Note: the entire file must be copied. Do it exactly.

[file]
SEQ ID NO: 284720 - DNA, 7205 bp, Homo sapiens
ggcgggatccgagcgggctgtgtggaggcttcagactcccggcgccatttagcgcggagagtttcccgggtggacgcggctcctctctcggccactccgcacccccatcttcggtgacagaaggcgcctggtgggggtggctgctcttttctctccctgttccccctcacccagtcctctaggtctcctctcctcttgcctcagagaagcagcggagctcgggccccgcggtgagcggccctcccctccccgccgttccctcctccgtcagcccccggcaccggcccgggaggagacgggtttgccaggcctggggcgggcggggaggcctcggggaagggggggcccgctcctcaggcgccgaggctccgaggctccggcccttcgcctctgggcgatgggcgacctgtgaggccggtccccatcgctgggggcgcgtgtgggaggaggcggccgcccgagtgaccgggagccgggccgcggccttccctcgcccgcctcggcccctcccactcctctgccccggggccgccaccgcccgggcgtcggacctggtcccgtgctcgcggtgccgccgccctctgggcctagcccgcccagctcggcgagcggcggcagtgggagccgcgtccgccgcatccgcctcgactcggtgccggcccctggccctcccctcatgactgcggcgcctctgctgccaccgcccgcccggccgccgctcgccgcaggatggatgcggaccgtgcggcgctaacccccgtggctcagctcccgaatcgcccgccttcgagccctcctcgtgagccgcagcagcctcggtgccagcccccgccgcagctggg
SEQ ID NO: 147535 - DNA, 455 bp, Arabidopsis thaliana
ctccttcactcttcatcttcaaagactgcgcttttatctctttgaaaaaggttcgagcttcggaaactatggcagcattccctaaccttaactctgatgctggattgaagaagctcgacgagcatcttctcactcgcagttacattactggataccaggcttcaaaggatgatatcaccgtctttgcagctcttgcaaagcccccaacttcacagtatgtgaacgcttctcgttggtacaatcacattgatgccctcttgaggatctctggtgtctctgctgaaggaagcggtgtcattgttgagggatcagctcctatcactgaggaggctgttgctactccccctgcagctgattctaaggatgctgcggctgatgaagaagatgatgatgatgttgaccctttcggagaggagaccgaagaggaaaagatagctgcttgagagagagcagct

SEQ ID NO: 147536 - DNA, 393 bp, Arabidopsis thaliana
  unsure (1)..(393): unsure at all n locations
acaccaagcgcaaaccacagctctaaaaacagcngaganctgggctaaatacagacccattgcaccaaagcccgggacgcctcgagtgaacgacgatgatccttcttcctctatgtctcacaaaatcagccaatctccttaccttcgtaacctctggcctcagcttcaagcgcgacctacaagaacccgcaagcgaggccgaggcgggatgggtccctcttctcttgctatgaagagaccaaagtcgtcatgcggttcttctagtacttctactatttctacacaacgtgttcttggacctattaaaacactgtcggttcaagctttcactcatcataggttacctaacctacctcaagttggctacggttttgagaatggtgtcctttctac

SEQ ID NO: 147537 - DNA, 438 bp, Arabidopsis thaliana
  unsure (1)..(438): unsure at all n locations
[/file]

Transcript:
SEQ ID NO: 284720 - DNA, 7205 bp, Homo sapiens
ggcgggatccgagcgggctgtgtggaggcttcagactcccggcgccatttagcgcggagagtttcccgggtggacgcggctcctctctcggccactccgcacccccatcttcggtgacagaaggcgcctggtgggggtggctgctcttttctctccctgttccccctcacccagtcctctaggtctcctctcctcttgcctcagagaagcagcggagctcgggccccgcggtgagcggccctcccctccccgccgttccctcctccgtcagcccccggcaccggcccgggaggagacgggtttgccaggcctggggcgggcggggaggcctcggggaagggggggcccgctcctcaggcgccgaggctccgaggctccggcccttcgcctctgggcgatgggcgacctgtgaggccggtccccatcgctgggggcgcgtgtgggaggaggcggccgcccgagtgaccgggagccgggccgcggccttccctcgcccgcctcggcccctcccactcctctgccccggggccgccaccgcccgggcgtcggacctggtcccgtgctcgcggtgccgccgccctctgggcctagcccgcccagctcggcgagcggcggcagtgggagccgcgtccgccgcatccgcctcgactcggtgccggcccctggccctcccctcatgactgcggcgcctctgctgccaccgcccgcccggccgccgctcgccgcaggatggatgcggaccgtgcggcgctaacccccgtggctcagctcccgaatcgcccgccttcgagccctcctcgtgagccgcagcagcctcggtgccagcccccgccgcagctggg
SEQ ID NO: 147535 - DNA, 455 bp, Arabidopsis thaliana
ctccttcactcttcatcttcaaagactgcgcttttatctctttgaaaaaggttcgagcttcggaaactatggcagcattccctaaccttaactctgatgctggattgaagaagctcgacgagcatcttctcactcgcagttacattactggataccaggcttcaaaggatgatatcaccgtctttgcagctcttgcaaagcccccaacttcacagtatgtgaacgcttctcgttggtacaatcacattgatgccctcttgaggatctctggtgtctctgctgaaggaagcggtgtcattgttgagggatcagctcctatcactgaggaggctgttgctactccccctgcagctgattctaaggatgctgcggctgatgaagaagatgatgatgatgttgaccctttcggagaggagaccgaagaggaaaagatagctgcttgagagagagcagct

SEQ ID NO: 147536 - DNA, 393 bp, Arabidopsis thaliana
  unsure (1)..(393): unsure at all n locations
acaccaagcgcaaaccacagctctaaaaacagcngaganctgggctaaatacagacccattgcaccaaagcccgggacgcctcgagtgaacgacgatgatccttcttcctctatgtctcacaaaatcagccaatctccttaccttcgtaacctctggcctcagcttcaagcgcgacctacaagaacccgcaagcgaggccgaggcgggatgggtccctcttctcttgctatgaagagaccaaagtcgtcatgcggttcttctagtacttctactatttctacacaacgtgttcttggacctattaaaacactgtcggttcaagctttcactcatcataggttacctaacctacctcaagttggctacggttttgagaatggtgtcctttctac

SEQ ID NO: 147537 - DNA, 438 bp, Arabidopsis thaliana
  unsure (1)..(438): unsure at all n locations